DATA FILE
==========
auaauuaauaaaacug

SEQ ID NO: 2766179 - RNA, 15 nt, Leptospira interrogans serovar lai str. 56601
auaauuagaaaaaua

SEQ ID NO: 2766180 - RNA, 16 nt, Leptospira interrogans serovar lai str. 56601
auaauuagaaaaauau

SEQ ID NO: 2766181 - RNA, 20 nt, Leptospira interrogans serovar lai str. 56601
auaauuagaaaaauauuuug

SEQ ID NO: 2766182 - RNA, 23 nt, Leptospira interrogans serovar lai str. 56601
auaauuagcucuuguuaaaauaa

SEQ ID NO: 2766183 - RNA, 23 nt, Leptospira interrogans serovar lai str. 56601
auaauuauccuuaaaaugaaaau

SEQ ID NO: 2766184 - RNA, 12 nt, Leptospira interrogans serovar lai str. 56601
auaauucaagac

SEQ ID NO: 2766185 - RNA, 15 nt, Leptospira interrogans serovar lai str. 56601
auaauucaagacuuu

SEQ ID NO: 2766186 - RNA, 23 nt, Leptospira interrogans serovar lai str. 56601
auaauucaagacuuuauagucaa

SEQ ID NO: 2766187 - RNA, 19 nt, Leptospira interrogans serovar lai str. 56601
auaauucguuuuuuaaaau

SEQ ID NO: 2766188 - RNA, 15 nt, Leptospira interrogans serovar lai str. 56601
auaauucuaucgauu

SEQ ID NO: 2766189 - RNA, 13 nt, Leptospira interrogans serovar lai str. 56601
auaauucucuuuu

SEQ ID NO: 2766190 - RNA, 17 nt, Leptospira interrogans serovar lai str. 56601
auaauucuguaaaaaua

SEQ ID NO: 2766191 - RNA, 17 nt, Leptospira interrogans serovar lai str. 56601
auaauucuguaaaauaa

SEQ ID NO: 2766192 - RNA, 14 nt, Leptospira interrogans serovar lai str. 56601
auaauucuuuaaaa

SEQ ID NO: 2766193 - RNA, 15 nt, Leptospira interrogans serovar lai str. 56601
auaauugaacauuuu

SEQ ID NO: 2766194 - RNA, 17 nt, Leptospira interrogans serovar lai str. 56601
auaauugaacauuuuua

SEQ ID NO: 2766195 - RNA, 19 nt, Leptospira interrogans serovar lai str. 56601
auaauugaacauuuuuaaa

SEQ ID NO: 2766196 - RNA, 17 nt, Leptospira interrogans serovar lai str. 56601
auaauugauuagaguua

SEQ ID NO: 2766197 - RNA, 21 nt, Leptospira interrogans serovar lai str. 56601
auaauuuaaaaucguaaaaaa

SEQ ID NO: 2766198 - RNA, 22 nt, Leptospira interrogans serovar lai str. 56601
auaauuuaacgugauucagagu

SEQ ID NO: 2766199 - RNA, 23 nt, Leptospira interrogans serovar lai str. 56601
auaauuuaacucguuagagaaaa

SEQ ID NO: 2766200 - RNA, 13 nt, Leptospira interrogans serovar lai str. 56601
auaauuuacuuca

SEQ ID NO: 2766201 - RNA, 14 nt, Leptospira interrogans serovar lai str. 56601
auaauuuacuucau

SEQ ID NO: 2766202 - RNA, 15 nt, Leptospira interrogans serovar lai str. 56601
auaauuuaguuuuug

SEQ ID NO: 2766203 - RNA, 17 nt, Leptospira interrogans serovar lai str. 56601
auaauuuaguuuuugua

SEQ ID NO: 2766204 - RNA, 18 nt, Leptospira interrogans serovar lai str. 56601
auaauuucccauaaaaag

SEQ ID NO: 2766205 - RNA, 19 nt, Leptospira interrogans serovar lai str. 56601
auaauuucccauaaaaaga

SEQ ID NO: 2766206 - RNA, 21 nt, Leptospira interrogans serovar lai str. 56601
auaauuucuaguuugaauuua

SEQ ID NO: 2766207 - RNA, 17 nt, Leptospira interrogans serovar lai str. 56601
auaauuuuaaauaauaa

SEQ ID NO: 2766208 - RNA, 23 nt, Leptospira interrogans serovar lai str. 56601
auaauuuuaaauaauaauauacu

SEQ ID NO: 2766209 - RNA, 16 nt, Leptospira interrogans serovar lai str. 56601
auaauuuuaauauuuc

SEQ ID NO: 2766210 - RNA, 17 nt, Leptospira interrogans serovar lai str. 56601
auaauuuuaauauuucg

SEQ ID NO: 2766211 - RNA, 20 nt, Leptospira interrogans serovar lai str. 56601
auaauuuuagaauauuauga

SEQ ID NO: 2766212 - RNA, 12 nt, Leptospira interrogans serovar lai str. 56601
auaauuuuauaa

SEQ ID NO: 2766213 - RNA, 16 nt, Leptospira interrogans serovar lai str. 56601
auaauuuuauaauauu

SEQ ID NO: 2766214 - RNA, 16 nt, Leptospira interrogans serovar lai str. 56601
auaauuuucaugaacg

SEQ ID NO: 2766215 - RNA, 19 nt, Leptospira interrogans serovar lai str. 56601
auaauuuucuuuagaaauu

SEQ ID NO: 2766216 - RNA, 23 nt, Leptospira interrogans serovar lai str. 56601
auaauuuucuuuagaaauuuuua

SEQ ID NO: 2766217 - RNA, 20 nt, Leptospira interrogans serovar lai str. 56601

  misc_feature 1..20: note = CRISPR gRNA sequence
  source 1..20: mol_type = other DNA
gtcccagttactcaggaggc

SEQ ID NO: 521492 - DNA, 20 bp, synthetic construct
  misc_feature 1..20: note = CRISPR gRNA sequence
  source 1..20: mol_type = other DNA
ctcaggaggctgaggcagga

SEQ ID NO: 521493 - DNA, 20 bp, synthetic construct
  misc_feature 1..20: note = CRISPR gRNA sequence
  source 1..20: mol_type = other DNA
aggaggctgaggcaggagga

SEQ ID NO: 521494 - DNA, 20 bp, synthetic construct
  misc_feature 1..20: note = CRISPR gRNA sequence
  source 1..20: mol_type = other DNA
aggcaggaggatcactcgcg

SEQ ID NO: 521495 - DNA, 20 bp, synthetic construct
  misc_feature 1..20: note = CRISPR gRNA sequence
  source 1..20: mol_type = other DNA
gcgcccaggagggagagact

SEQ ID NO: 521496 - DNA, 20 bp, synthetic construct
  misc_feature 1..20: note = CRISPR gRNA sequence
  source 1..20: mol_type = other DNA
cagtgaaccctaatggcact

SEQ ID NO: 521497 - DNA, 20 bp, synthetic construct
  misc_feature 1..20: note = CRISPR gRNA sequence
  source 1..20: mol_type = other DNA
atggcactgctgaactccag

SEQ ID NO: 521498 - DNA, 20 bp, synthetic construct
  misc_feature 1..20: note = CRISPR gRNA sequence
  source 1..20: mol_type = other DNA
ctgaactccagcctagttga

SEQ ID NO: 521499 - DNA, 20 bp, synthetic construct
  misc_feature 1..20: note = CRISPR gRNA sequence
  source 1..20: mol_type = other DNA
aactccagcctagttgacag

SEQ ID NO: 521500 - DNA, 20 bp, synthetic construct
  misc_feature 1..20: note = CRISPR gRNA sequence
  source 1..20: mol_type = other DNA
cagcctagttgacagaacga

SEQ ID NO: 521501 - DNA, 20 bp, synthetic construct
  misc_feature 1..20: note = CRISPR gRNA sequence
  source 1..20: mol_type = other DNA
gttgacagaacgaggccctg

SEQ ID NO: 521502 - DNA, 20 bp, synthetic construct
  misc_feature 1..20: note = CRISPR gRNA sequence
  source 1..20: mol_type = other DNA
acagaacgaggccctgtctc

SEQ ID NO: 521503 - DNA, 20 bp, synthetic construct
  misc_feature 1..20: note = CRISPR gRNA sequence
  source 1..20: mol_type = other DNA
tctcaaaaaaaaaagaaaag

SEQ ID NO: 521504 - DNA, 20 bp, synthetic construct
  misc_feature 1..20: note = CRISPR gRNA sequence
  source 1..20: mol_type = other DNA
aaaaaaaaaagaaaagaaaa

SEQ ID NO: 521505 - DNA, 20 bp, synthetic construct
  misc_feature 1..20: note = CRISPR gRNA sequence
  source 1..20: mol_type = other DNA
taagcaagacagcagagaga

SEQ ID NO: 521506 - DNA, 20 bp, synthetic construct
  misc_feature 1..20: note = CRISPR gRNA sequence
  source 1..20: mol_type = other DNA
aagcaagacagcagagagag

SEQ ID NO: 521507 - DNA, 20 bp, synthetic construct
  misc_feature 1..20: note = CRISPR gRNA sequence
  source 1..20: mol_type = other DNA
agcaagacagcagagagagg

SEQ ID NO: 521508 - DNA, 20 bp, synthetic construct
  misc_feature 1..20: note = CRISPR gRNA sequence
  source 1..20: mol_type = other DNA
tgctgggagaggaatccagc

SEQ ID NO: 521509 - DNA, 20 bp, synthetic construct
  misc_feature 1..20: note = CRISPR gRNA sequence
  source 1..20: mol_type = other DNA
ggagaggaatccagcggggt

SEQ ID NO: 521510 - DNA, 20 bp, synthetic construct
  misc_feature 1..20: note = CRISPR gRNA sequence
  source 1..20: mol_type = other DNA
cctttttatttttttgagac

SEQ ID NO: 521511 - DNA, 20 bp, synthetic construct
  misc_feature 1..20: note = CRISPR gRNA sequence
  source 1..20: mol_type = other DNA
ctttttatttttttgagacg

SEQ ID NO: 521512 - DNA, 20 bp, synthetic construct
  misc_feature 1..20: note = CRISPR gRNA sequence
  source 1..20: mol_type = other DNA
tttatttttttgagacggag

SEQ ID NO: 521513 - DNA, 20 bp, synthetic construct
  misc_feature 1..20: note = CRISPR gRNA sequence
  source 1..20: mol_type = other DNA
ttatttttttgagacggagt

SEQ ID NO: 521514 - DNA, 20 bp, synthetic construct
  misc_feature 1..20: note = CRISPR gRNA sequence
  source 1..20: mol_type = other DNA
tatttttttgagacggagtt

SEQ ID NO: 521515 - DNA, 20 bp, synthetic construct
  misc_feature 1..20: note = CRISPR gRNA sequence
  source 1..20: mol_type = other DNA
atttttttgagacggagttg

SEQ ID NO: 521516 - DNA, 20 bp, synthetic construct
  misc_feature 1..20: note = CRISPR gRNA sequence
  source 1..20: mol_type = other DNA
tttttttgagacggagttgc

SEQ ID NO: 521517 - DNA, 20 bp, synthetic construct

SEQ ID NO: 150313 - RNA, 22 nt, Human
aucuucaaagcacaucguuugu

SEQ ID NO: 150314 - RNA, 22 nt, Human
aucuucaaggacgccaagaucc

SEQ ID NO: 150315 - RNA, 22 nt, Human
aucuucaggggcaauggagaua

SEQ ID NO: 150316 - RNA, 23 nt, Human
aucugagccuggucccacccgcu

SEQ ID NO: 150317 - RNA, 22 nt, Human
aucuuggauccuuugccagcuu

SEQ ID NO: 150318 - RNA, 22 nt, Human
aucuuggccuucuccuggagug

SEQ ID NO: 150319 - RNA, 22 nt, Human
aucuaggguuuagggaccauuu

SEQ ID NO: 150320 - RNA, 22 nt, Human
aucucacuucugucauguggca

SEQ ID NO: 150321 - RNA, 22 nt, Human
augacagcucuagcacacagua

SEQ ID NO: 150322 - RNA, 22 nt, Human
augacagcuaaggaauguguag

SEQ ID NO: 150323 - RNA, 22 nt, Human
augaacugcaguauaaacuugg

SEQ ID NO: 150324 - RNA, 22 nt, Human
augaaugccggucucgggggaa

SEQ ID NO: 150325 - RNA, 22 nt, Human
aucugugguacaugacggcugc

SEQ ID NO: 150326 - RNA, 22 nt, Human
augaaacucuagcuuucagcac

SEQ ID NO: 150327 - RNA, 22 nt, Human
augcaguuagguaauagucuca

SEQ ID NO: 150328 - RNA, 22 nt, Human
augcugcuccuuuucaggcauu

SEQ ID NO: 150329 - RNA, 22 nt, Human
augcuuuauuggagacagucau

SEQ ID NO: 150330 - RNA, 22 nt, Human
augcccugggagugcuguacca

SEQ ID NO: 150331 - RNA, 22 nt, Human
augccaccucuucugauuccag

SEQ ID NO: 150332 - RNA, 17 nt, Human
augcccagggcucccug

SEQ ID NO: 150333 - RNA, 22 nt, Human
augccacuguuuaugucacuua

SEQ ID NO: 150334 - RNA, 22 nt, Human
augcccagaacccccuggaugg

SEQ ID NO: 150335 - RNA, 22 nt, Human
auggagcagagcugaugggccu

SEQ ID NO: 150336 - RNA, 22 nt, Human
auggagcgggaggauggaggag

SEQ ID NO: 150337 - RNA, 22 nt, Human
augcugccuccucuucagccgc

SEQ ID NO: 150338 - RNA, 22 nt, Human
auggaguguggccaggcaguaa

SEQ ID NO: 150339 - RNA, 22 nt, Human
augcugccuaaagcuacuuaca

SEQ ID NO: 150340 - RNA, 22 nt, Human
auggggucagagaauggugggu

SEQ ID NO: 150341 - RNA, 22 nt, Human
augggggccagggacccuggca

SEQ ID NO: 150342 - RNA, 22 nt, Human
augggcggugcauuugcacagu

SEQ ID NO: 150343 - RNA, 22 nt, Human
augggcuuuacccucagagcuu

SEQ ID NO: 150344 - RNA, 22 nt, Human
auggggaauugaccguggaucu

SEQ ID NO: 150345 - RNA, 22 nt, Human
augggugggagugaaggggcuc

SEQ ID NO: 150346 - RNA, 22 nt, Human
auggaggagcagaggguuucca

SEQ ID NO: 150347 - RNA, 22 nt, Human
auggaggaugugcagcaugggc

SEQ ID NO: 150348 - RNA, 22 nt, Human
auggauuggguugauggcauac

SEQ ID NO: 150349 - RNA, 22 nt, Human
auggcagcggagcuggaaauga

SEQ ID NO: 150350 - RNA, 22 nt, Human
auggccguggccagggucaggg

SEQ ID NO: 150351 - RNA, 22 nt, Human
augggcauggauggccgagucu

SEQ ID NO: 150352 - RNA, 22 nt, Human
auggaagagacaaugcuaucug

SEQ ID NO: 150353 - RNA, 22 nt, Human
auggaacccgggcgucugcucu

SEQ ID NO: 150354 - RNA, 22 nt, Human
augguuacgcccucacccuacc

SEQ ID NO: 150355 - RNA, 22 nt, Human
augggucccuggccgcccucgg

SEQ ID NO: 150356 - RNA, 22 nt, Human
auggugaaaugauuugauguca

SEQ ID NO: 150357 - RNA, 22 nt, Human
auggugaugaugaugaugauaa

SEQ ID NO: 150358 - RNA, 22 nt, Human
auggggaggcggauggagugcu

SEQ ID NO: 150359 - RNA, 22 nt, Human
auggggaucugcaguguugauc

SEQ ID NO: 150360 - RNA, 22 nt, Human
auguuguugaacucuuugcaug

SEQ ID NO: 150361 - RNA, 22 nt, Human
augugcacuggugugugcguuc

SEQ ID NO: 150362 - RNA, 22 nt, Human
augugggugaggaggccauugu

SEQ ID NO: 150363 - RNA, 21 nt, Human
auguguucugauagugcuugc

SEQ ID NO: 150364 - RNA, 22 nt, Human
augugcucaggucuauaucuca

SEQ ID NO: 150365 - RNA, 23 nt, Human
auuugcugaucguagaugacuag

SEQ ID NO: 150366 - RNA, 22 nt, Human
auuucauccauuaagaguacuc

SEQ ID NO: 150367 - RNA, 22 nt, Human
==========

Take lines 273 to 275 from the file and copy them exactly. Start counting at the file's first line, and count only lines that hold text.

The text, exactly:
SEQ ID NO: 150358 - RNA, 22 nt, Human
auggggaggcggauggagugcu

SEQ ID NO: 150359 - RNA, 22 nt, Human